Letter: Where did Albert Lea go off the rails — a bit of history
Published 8:30 pm Friday, September 17, 2021
The impetus for this letter is the level of negative chatter in the coffee shops, on social media and in the Tribune claiming Albert Lea is a failed city. Albert Lea has not failed, but is failing to thrive.
The blame is always laid at the feet of Chamber of Commerce and City Council. But, is this a fair assessment? “I think not!” Yes, our leaders should have done more and perhaps some have been in office too long. But the result was inevitable, small cities across America are failing.
Disgruntled voices claim that Albert Lea should have been more aggressive in their attempts to bring Cabela’s and the other businesses to Albert Lea. This was never going to happen. These businesses feigned interest in Albert Lea as a ploy to get a better deal at their intended locations.
To understand how the city functioned one must review its history. In the1940s-50s a small group of “Good Old Boys” (prominent business men), controlled the City Council. The comments that they did not want additional businesses competing for their labor pool are accurate. City staff were instructed to protect local industries by keeping competition out.
The city has a history of making it difficult for one to open a business. If the Albert Lea is to thrive, city staff need to help business owners comply with regulations.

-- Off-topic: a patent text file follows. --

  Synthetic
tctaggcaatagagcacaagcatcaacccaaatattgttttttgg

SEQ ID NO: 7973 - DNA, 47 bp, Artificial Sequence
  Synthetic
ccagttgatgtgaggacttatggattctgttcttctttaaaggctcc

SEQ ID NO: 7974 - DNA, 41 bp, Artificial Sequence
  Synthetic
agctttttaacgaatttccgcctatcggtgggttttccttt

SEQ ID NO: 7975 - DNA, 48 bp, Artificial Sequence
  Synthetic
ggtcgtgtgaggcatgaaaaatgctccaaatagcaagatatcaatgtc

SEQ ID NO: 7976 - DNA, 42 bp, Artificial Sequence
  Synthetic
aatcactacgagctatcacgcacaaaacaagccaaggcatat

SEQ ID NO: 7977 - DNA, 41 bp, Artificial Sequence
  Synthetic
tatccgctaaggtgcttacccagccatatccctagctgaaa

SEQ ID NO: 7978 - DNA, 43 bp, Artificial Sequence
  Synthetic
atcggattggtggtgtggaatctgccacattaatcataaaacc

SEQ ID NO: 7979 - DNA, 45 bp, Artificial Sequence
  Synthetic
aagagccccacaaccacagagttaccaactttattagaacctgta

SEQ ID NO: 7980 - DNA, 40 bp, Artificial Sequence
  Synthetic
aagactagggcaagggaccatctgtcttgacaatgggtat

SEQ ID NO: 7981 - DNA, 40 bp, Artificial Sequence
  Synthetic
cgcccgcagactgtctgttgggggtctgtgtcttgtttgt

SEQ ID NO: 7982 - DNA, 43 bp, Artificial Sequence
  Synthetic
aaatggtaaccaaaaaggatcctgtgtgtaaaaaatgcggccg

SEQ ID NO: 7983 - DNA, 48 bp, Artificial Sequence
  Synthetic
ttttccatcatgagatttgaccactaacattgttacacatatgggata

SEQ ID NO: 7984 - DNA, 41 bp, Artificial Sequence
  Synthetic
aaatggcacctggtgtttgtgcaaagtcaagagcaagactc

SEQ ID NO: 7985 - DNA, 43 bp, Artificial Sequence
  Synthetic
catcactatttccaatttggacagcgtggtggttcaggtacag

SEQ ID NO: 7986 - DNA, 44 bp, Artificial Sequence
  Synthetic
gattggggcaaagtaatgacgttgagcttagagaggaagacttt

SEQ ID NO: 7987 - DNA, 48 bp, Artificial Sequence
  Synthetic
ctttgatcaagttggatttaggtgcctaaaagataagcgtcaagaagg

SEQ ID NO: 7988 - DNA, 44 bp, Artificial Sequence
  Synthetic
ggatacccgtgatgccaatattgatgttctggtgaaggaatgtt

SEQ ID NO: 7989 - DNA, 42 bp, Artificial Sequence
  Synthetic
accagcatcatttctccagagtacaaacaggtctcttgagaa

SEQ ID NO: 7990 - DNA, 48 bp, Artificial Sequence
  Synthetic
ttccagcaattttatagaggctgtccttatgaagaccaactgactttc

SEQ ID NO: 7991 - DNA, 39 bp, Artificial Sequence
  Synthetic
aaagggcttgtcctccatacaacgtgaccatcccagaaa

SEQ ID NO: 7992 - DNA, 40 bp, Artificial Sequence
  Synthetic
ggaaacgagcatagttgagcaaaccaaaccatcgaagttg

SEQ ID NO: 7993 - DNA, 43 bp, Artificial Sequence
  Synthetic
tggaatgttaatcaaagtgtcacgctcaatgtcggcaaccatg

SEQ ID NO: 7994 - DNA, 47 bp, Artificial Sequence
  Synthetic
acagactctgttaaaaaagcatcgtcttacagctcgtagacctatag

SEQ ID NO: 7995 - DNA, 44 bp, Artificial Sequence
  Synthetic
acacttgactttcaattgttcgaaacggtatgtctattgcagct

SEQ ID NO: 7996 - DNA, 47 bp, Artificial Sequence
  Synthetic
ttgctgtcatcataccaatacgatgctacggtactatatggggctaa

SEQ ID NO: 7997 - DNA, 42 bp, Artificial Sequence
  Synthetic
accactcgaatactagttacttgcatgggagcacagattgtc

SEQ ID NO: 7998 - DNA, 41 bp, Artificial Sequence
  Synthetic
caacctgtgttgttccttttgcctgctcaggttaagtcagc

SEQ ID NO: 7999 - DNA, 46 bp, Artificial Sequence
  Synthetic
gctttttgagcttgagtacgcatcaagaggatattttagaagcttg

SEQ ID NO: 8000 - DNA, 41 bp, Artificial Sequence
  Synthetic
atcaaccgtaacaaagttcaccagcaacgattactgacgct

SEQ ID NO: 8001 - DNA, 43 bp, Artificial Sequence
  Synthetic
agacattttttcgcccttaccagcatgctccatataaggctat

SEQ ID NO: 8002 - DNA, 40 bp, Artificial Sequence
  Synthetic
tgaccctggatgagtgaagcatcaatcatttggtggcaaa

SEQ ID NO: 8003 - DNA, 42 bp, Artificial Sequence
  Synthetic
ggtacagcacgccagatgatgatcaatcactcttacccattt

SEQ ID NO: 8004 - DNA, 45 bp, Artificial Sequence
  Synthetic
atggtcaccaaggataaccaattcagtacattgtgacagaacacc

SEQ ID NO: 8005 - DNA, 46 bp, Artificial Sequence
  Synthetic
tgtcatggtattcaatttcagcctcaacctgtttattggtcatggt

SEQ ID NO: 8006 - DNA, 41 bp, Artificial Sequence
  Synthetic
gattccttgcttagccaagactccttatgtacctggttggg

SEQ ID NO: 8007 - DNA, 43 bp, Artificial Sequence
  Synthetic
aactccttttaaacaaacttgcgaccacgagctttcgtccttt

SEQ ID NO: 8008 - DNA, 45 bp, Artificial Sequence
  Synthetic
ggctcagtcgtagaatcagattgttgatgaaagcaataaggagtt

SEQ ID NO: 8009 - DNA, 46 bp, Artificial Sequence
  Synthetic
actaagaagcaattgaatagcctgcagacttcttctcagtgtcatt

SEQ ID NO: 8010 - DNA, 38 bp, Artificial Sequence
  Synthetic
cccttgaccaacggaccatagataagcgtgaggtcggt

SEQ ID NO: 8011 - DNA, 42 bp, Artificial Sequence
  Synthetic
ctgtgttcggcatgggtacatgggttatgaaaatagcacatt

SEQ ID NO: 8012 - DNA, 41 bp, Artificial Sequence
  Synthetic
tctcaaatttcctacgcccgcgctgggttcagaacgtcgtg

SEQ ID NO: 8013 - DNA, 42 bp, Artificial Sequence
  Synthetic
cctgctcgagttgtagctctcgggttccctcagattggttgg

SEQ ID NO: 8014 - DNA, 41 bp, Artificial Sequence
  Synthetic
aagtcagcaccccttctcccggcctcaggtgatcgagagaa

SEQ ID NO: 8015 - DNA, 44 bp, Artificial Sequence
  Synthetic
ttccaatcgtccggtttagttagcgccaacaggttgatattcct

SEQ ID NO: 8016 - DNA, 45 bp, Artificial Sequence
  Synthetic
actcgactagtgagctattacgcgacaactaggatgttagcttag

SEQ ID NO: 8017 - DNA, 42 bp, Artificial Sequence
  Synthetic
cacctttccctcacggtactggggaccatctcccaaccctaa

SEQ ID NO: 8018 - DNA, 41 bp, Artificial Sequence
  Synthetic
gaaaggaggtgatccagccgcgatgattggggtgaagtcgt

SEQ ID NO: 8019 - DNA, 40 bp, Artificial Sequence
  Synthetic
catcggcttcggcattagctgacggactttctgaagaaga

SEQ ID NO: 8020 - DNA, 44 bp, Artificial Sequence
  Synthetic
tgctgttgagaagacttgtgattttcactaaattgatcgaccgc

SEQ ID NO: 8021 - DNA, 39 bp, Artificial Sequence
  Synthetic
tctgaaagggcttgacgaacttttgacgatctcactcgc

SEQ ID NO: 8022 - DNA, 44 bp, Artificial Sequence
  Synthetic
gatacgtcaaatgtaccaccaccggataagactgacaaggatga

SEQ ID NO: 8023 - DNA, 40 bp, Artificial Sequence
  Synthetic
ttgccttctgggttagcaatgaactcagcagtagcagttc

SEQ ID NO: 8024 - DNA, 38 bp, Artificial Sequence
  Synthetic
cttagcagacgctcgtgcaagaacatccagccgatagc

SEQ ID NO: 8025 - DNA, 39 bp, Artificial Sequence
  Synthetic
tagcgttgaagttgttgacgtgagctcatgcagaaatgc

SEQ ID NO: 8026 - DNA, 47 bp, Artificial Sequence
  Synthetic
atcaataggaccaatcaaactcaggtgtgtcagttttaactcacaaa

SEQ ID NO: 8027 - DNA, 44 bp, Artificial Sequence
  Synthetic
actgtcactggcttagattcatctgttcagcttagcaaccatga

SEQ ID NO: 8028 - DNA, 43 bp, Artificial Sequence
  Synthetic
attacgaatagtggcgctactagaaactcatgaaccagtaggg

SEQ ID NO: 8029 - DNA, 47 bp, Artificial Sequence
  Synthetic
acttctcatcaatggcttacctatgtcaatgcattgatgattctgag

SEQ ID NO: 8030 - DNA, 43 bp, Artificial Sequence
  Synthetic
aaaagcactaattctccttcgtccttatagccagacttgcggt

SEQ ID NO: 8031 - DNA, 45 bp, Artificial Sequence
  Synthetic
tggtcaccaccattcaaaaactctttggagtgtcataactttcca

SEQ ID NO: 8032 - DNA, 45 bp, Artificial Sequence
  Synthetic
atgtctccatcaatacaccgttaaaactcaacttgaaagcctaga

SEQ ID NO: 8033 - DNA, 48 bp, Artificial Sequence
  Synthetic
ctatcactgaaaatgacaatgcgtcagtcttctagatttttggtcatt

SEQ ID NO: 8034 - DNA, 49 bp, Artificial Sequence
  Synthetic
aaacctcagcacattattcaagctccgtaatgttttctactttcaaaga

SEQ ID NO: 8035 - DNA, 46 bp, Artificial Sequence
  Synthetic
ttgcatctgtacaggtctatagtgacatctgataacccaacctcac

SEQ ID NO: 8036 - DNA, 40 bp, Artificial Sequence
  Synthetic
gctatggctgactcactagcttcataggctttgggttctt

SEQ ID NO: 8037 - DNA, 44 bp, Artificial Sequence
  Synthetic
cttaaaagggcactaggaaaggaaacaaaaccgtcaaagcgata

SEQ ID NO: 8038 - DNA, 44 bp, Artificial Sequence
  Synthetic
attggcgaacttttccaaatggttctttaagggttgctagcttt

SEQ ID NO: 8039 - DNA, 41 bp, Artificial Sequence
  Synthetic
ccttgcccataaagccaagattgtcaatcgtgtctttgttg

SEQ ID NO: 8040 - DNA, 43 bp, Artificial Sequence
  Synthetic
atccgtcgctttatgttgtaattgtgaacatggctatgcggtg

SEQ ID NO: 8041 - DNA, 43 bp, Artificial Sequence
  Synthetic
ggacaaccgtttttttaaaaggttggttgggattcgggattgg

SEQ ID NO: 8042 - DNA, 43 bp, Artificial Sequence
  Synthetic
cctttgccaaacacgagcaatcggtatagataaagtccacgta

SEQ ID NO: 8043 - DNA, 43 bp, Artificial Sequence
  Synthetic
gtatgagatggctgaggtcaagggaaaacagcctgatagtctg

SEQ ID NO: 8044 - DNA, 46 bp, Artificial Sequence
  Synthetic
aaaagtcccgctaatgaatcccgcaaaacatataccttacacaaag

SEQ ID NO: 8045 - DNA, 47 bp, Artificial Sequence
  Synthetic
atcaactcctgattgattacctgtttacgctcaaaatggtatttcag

In 1959 Albert Lea gained national notoriety when the Wilson strike turned violent. The governor declared martial law and deployed the National Guard. That strike effectively destroyed Albert Lea’s future. Why locate in a union town prone violence? Unions must accept part of the blame for Albert Lea’s failure to thrive.
The owners of the city’s industries were not blameless; they squeezed every dime possible out of antiquated plants. City fathers viewed Albert Lea’s industrial base as a cash cow to be milked for all it was worth. High taxes, unions propensity to strike and an anti-business city and state — why update your plant or expand?
The reason Albert Lea failed as a regional retail hub, is called “progress.” When the Skyline Mall opened, most Main Street businesses could not compete with an enclosed shopping center.
The Skyline Mall had a fantastic 25-year run — a combination of factors caused its demise. Greedy landlords pushed rents to untenable levels, property taxes and maintenance costs went through the roof, then its anchors began to fail. The death knell was Walmart moving and Northbridge Mall opening.
When Farmstead burned the local economy collapsed, Walmart constructed a new store and the national economy went into recession, causing Northbridge Mall’s national chain tenants to close.
Result Northbridge Mall failed.
Between Walmart and the new online shopping (Amazon), small businesses have been decimated in towns like Albert Lea across America.
The big fish eat the little fish until there are only one or two big fish in the pond. John Q Public would rather buy cheap made-in-China products than support local businesses selling “Made in America” goods.